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Arctic Draws International Competition for Oil

A new geopolitical “Great Game” is underway in earth’s northernmost region, the Arctic, where Russia has claimed a large area for resource development and President Barack Obama recently approved Shell Oil Company’s test-drilling project in an area under U.S. control.

Energy is a big part — but not the only part — of the North Pole prize.

Rice University professor Bill Arnold just returned from his latest fishing trip to Alaska, where he captured photos of unspoiled nature.

“It is the only place I have ever been that is like this, so I am very interested in the preservation of the beauty of Alaska,” said Arnold.

But as a former Shell oil executive, he said he believes new energy resources can be developed without harming nature, unlike environmentalists, who denounce U.S. oil company projects in the Arctic and express disappointment in the Obama decision.

Fossil fuels

The opening of the Arctic results from ice being melted by global warming, which scientists conclude is caused in large part by emissions from burning fossil fuels, like oil, which the Arctic holds in abundance.

“Probably 25 percent of the undiscovered oil and gas in the world is in the Arctic,” Arnold said.

Russia has territory that borders about half of the Arctic region, and it sees the polar region as vital for its own energy production.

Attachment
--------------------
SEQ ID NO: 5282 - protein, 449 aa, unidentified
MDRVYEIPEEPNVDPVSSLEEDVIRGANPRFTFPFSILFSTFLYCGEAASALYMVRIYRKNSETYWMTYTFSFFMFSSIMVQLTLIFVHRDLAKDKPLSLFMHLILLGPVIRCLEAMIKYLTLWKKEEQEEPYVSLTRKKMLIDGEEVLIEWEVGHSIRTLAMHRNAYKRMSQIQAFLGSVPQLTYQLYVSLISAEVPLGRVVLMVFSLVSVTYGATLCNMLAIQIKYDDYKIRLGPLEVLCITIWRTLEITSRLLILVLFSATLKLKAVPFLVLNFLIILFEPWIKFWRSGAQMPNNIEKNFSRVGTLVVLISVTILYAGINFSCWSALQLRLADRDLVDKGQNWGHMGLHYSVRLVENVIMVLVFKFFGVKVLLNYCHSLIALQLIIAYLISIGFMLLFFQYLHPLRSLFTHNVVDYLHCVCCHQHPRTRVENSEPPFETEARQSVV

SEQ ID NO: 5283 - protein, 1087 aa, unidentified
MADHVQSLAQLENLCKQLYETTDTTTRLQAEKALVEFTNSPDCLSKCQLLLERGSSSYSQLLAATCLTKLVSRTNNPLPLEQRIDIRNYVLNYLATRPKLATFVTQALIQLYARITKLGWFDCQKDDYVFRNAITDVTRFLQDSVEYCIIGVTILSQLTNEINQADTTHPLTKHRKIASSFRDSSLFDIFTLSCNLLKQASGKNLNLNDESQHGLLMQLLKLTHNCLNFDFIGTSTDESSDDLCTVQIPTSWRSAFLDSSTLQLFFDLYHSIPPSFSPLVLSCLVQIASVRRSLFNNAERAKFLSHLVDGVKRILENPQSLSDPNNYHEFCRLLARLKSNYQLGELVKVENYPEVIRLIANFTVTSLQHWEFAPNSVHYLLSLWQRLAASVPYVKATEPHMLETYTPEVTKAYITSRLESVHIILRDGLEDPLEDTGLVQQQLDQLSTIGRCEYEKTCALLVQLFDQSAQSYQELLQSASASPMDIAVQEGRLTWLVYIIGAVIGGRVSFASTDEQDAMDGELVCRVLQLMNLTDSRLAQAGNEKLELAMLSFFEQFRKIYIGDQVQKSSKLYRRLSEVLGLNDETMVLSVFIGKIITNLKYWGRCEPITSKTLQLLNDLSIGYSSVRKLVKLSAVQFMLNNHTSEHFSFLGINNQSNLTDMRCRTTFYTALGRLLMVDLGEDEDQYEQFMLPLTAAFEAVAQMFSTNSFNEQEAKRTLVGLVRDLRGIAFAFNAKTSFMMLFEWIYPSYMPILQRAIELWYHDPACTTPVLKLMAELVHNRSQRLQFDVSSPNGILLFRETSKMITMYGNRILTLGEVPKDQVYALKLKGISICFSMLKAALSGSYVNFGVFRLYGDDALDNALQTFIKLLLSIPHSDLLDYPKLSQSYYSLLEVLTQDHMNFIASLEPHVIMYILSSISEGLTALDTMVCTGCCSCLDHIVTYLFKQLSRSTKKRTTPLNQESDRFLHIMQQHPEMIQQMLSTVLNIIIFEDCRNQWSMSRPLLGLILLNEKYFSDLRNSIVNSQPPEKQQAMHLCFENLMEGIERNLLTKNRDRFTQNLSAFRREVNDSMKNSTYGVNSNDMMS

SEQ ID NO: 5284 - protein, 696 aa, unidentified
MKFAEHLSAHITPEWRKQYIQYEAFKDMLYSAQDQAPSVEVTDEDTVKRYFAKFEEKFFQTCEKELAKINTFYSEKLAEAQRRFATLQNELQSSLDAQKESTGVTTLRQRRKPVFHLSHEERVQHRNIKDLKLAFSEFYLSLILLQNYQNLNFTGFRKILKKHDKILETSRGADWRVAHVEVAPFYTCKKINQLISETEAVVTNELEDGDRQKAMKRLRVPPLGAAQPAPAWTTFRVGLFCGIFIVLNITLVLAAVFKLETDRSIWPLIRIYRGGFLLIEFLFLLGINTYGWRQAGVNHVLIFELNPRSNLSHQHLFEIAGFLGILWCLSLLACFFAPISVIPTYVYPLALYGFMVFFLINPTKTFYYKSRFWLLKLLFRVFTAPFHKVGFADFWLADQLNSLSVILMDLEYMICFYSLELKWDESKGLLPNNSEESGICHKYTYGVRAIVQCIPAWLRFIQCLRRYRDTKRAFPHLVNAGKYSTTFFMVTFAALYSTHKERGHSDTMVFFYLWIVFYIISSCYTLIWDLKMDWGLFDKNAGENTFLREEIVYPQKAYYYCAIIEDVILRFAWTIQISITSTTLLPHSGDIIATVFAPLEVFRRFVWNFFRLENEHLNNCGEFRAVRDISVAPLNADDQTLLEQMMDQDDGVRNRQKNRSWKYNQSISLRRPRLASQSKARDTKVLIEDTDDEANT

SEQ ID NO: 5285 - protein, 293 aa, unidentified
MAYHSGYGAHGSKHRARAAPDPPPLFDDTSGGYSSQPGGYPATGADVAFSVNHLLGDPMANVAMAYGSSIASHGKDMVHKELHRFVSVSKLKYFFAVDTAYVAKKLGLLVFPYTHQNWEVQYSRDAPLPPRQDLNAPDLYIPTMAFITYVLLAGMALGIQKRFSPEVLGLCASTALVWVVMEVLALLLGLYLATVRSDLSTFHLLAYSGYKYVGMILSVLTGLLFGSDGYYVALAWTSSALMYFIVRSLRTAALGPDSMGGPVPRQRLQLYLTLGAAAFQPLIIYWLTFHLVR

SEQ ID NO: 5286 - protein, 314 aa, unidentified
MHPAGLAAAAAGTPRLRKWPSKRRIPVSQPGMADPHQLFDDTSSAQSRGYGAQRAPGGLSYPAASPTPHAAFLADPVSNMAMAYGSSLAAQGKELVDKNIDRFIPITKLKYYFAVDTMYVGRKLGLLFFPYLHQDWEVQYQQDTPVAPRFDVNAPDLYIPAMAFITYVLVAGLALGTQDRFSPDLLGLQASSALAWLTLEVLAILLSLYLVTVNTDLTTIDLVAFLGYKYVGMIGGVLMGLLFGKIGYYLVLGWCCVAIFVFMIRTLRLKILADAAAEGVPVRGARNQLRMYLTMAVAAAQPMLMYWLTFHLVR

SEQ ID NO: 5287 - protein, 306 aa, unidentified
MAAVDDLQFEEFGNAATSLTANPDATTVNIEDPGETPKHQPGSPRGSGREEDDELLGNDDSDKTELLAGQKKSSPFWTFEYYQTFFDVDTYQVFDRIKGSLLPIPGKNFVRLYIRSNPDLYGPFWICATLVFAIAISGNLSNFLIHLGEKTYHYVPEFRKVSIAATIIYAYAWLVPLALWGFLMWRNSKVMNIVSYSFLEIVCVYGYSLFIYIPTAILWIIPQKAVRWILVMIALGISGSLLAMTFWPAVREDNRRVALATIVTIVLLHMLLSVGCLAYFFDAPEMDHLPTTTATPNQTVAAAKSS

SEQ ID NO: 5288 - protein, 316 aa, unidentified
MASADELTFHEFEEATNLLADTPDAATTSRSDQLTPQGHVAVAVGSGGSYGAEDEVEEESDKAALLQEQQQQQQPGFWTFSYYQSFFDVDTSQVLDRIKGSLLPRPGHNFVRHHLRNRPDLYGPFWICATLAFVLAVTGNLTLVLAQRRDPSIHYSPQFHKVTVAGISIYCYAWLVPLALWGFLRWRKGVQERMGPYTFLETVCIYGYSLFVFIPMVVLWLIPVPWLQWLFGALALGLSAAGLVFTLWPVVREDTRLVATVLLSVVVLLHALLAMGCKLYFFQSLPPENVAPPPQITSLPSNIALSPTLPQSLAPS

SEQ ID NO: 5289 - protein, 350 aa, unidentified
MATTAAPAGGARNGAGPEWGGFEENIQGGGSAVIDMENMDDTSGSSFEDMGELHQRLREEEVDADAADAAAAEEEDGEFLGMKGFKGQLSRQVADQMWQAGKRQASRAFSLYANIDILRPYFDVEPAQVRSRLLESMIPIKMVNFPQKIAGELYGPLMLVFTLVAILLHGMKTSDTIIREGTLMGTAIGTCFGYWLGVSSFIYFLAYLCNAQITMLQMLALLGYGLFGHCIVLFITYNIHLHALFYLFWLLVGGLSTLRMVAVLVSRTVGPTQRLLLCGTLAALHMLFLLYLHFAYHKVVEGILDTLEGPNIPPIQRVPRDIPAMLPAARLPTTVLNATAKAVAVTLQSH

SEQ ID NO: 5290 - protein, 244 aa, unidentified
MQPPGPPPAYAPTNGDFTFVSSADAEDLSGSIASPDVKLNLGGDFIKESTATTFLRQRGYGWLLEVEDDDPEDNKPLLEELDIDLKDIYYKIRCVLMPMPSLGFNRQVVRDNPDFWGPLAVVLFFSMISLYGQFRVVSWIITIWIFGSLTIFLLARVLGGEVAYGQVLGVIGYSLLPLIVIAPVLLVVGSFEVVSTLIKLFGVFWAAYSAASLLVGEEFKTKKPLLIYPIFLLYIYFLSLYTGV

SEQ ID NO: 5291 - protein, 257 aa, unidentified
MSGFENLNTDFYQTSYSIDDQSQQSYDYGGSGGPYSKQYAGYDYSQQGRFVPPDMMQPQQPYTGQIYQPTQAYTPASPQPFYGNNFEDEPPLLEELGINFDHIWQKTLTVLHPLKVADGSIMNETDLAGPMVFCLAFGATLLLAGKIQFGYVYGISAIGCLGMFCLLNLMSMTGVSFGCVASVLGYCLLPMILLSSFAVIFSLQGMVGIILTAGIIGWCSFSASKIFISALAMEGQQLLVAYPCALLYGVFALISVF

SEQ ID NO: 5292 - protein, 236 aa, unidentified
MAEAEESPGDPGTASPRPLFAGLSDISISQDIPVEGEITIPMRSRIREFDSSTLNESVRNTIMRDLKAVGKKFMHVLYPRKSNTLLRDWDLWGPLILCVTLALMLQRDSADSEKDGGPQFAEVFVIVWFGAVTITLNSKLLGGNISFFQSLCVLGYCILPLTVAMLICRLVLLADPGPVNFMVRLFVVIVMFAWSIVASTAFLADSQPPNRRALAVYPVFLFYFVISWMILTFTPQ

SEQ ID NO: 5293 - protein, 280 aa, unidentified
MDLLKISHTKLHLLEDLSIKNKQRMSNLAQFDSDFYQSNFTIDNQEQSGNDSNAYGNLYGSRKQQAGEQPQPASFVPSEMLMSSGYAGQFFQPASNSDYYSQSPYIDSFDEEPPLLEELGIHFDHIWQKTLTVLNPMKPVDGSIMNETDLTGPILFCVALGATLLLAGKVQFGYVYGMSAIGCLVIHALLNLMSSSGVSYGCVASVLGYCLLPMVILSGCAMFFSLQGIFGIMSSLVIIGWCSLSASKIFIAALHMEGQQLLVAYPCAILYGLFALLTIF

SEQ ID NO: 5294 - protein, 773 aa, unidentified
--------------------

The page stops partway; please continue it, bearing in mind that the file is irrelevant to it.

“I think their view is that as the traditional resources are dwindling, they need to find new resources and some of the greatest resources in the world are there,” said Arnold.

Russia’s development in the area slowed after Western nations imposed sanctions over Moscow’s annexation of Crimea from Ukraine, forcing Western-based companies to withdraw from partnerships with Russia.

Arctic opening

Arnold says the opening of the Arctic, however, has other strategic aspects.

He said Russia has a substantial military presence in the region, unlike the United States, which has a much smaller Arctic exposure.

And he said many countries are developing navigation projects for Arctic waters once they are ice free.

“The potential of it is really untested and unknown at this point, but to be able to have that circumnavigation in a relatively tight range in that area could be profoundly important,” said Arnold.

As for U.S. energy production, Arnold said it likely will be seven to 10 years before Shell’s exploratory efforts begin to pay off with large-scale production.

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